Oars for fishing kayak

Wayne also chose the simple and easy way to build his outriggers, and you can read more about what he did in this boat review.

Altogether, Wayne’s boat shows that with some planning and no big effort, kayak fishermen can literally transform their W fishing kayaks into a very different type of boat while preserving most of the advantages the original design offers.

Brandon’s Quick Release, Big Fish Kayak Anchor System

Brandon from Cape Cod made this ingenious instant release anchor system for his W kayak.

He writes:

-“Here are some pics of an anchor system that worked really well for me last season. The key is to be able to release the Wavewalk kayak from the anchor line in an instant to chase and fight a big fish.

The Genius Carabiner opens at an angle so only one hand is needed. The float allows the angler to find the anchor system after the fight and start fishing again from that productive spot.
Commercial fisherman use a similar (yet much beefier) system to hook, fight and land giant bluefin tuna here on Cape Cod.”

anchor system for fishing kayak

anchor system clipped to fishing kayak

Brandon's fishing kayak anchor system

Read more about Brandon’s Fishing Kayak

3M 4693 Scotch Grip TM H Plastic Adhesive – Good for Use in Polyethylene Kayaks?

‘Plastic’ kayaks is a term that refers in most cases to rotationally molded Polyethylene kayaks.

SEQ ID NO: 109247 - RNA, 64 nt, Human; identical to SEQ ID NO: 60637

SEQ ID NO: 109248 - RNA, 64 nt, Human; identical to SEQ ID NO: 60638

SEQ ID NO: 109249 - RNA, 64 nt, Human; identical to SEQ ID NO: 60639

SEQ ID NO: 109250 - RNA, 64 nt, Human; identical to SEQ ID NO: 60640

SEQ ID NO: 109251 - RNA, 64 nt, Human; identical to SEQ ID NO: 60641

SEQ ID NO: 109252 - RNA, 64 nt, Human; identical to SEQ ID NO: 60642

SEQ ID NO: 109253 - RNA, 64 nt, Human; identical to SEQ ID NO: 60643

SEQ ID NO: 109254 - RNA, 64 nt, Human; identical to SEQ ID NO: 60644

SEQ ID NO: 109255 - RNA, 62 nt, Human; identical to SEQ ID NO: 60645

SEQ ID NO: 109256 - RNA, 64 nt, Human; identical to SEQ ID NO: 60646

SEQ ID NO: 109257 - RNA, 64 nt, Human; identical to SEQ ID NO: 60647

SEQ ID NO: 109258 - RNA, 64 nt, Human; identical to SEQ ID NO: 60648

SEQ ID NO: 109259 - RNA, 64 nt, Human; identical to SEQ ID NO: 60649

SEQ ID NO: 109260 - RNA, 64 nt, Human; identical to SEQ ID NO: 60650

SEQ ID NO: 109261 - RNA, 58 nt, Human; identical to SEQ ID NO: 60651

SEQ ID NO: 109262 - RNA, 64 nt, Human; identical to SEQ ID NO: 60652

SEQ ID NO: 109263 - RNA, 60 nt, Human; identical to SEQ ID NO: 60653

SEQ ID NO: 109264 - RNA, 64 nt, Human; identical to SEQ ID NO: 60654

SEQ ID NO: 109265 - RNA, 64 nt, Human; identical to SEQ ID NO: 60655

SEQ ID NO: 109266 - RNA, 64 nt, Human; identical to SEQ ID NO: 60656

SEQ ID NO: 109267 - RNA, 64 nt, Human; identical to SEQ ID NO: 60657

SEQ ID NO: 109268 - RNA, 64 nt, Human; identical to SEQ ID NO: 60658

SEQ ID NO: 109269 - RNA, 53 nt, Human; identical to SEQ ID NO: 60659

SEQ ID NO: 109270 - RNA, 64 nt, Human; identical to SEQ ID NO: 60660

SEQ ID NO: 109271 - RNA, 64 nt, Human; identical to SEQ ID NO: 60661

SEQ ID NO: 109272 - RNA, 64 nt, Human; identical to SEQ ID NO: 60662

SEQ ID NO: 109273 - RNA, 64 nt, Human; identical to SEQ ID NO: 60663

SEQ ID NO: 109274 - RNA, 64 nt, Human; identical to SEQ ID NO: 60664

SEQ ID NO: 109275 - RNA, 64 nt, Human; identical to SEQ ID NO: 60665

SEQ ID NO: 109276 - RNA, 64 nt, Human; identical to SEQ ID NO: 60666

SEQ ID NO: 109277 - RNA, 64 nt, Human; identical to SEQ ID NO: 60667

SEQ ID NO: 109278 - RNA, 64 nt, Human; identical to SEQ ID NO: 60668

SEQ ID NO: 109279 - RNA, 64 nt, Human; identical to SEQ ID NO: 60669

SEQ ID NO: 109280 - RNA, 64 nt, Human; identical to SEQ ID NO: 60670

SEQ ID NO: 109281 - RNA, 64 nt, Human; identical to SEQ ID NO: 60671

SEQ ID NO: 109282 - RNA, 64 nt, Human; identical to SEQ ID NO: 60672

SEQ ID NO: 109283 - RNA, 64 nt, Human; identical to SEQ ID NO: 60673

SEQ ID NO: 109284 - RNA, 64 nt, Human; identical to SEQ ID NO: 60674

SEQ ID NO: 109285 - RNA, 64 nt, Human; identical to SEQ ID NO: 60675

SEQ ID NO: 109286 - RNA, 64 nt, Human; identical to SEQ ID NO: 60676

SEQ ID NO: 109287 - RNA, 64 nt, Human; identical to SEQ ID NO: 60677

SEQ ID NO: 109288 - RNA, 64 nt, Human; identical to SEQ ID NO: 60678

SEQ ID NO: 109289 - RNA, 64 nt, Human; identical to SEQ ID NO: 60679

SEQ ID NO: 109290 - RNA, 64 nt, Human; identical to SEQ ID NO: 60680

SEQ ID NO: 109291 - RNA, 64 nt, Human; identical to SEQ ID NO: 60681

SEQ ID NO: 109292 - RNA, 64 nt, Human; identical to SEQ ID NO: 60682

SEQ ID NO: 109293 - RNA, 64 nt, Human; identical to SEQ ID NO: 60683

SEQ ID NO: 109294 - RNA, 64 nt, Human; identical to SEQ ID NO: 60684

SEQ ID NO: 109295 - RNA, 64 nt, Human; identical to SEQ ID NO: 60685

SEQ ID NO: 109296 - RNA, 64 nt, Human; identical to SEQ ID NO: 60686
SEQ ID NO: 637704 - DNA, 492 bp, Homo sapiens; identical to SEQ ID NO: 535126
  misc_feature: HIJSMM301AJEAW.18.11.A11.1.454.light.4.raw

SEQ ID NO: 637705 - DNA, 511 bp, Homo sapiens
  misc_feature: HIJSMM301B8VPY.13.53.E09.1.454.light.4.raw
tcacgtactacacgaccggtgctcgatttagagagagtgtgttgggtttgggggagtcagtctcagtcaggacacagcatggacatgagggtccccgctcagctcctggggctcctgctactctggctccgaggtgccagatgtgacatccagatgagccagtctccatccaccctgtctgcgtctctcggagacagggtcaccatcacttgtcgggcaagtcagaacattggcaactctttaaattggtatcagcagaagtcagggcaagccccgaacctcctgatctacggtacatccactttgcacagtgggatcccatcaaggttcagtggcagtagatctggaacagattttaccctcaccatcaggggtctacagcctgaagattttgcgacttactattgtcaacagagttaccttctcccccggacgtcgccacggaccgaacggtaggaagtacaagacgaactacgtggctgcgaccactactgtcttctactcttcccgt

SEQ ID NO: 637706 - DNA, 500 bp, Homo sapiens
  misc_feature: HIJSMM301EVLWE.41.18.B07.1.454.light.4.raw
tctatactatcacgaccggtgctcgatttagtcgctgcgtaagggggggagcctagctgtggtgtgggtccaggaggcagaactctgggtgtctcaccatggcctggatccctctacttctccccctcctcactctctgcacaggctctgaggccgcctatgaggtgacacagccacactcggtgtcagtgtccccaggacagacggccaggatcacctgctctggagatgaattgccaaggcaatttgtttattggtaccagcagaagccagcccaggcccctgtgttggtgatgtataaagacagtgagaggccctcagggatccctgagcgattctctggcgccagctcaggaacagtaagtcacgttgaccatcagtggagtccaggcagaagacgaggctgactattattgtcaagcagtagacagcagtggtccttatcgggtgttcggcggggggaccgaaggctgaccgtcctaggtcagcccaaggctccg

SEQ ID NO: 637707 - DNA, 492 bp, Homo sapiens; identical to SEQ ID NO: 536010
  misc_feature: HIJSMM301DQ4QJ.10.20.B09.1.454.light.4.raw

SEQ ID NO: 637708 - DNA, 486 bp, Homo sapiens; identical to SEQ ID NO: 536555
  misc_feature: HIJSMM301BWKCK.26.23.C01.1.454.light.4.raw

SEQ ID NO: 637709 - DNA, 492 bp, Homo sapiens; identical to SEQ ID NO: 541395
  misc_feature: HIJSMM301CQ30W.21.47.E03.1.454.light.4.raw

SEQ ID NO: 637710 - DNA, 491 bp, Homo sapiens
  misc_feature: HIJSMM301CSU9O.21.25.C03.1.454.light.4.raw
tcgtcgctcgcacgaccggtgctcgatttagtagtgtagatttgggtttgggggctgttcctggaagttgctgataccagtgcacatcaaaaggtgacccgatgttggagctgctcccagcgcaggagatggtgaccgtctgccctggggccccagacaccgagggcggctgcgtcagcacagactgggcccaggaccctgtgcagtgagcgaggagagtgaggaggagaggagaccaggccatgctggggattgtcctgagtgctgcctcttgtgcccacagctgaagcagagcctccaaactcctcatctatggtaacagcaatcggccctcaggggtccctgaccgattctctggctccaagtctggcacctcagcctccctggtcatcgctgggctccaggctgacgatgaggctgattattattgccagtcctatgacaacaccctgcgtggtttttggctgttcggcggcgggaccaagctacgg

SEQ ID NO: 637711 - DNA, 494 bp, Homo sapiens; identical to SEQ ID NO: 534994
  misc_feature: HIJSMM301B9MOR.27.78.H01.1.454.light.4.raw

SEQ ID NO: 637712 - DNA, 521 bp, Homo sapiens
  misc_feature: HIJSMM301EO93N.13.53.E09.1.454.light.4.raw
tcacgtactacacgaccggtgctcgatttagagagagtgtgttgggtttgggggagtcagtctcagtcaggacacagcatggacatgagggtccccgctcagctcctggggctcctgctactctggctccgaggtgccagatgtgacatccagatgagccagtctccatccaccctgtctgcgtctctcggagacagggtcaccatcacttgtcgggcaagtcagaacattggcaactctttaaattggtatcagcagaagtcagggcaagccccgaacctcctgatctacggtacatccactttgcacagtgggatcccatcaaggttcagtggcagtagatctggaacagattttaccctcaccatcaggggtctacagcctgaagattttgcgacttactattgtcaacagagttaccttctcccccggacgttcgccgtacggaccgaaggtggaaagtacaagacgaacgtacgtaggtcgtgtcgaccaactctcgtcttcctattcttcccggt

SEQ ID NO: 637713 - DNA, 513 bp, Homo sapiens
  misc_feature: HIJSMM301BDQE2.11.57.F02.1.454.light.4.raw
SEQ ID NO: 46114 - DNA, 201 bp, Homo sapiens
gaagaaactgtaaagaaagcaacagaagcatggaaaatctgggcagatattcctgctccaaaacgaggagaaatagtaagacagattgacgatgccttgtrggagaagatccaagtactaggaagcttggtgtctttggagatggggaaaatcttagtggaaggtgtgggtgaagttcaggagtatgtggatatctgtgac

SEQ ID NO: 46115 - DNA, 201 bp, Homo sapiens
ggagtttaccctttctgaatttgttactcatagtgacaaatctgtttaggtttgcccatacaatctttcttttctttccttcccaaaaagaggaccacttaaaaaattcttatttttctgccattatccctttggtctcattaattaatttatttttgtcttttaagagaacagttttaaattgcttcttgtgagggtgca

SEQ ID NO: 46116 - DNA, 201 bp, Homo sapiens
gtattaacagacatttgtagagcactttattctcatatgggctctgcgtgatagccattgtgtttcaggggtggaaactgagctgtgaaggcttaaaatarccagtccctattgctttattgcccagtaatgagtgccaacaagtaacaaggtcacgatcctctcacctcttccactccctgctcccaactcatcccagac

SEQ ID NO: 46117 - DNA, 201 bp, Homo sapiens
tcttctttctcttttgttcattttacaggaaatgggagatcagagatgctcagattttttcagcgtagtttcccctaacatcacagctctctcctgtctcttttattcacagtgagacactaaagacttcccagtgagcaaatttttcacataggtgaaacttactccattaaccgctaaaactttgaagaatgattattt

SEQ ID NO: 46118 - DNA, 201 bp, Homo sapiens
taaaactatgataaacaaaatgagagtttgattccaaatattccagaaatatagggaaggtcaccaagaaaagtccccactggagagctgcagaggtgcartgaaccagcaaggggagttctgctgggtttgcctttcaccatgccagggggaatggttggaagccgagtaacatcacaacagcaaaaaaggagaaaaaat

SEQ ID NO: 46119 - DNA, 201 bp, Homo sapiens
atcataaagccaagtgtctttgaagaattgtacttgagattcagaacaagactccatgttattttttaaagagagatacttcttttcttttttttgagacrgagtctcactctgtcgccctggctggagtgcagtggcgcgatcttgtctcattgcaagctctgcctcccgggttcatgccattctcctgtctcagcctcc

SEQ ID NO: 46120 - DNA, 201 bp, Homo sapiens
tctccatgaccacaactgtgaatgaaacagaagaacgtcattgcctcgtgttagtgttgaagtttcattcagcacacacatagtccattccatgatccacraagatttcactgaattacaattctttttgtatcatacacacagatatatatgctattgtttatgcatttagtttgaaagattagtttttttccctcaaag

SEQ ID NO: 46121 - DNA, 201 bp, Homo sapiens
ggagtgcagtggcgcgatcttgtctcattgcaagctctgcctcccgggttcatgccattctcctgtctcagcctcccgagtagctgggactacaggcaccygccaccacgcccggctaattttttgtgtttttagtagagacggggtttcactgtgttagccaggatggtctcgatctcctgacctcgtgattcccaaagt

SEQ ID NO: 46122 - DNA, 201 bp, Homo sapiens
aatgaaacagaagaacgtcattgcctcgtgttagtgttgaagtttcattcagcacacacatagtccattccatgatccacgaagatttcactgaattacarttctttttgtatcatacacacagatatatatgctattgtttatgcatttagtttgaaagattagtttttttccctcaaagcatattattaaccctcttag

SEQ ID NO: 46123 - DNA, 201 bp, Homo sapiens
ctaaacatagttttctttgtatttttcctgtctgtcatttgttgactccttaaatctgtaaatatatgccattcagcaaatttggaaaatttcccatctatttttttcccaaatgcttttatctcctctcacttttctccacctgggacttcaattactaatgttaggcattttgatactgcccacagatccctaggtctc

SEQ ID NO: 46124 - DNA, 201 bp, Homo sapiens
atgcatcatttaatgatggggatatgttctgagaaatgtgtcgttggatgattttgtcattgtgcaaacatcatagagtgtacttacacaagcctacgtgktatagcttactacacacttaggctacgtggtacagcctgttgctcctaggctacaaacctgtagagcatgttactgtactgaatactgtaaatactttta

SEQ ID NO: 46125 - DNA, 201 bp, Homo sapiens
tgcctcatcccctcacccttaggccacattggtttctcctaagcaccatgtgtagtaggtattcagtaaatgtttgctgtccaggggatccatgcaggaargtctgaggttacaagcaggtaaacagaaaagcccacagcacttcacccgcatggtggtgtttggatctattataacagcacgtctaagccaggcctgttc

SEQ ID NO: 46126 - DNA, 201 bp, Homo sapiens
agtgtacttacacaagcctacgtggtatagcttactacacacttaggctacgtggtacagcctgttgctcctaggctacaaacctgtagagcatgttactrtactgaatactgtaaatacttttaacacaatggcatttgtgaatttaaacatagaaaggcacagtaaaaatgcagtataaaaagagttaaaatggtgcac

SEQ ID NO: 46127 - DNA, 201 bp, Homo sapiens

Polyethylene (HDPE, MDPE, LDPE and various commercial names) is by far the preferred resin in the kayak industry because of its superior performance when it comes to shock resistance, durability and overall reliability, but it is known to be quasi impossible to bond. This is because Polyethylene’s surface tension is low, which doesn’t allow for significant chemical reactions to occur, including bonding. The upside of this feature is that Polyethylene has superior resistance to strong solvents, acids, radiation etc., and indeed it is used for making fuel tanks and containers for active chemicals.

When an adhesive’s label says it bonds plastics it normally doesn’t mean Polyethylene.

3M is offering a an adhesive called 3M Scotch-Grip TM 4693 H Plastic Adhesive, and the company states it works for various plastic materials, Polyethylene included.

We tested this product and found that indeed it bonds with Polyethylene, and apparently a little better than other adhesives we know.
However, in our opinion the bonding is not sufficiently strong to allow use in structural repairs or for attaching accessories to a Polyethylene kayak, except maybe a fish finder, a decal etc., which are not required to support weight or resist even weak pulling forces at any time.

This adhesive could be used to seal rivet and bolt holes above waterline (E.G. with carry handles, rod holders, eyelets etc.). We would not recommend using it for sealing holes below waterline because we’re against drilling holes in kayak hulls below waterline in any case…

We would not recommend to use it for fixing cracks anywhere in the hull, and as far as filling gashes (such as those created by oysters) we don’t see the benefit of it, and we don’t see how the adhesive would stay in its place if it had to resist abrasive forces.

All in all, we found that common, general purpose adhesives such as the popular ‘Goop’ perform reasonably well too in such light duty tasks.

In sum, this adhesive cannot replace ‘hard’ methods such welding, riveting and bolting, but it can be useful in other ways.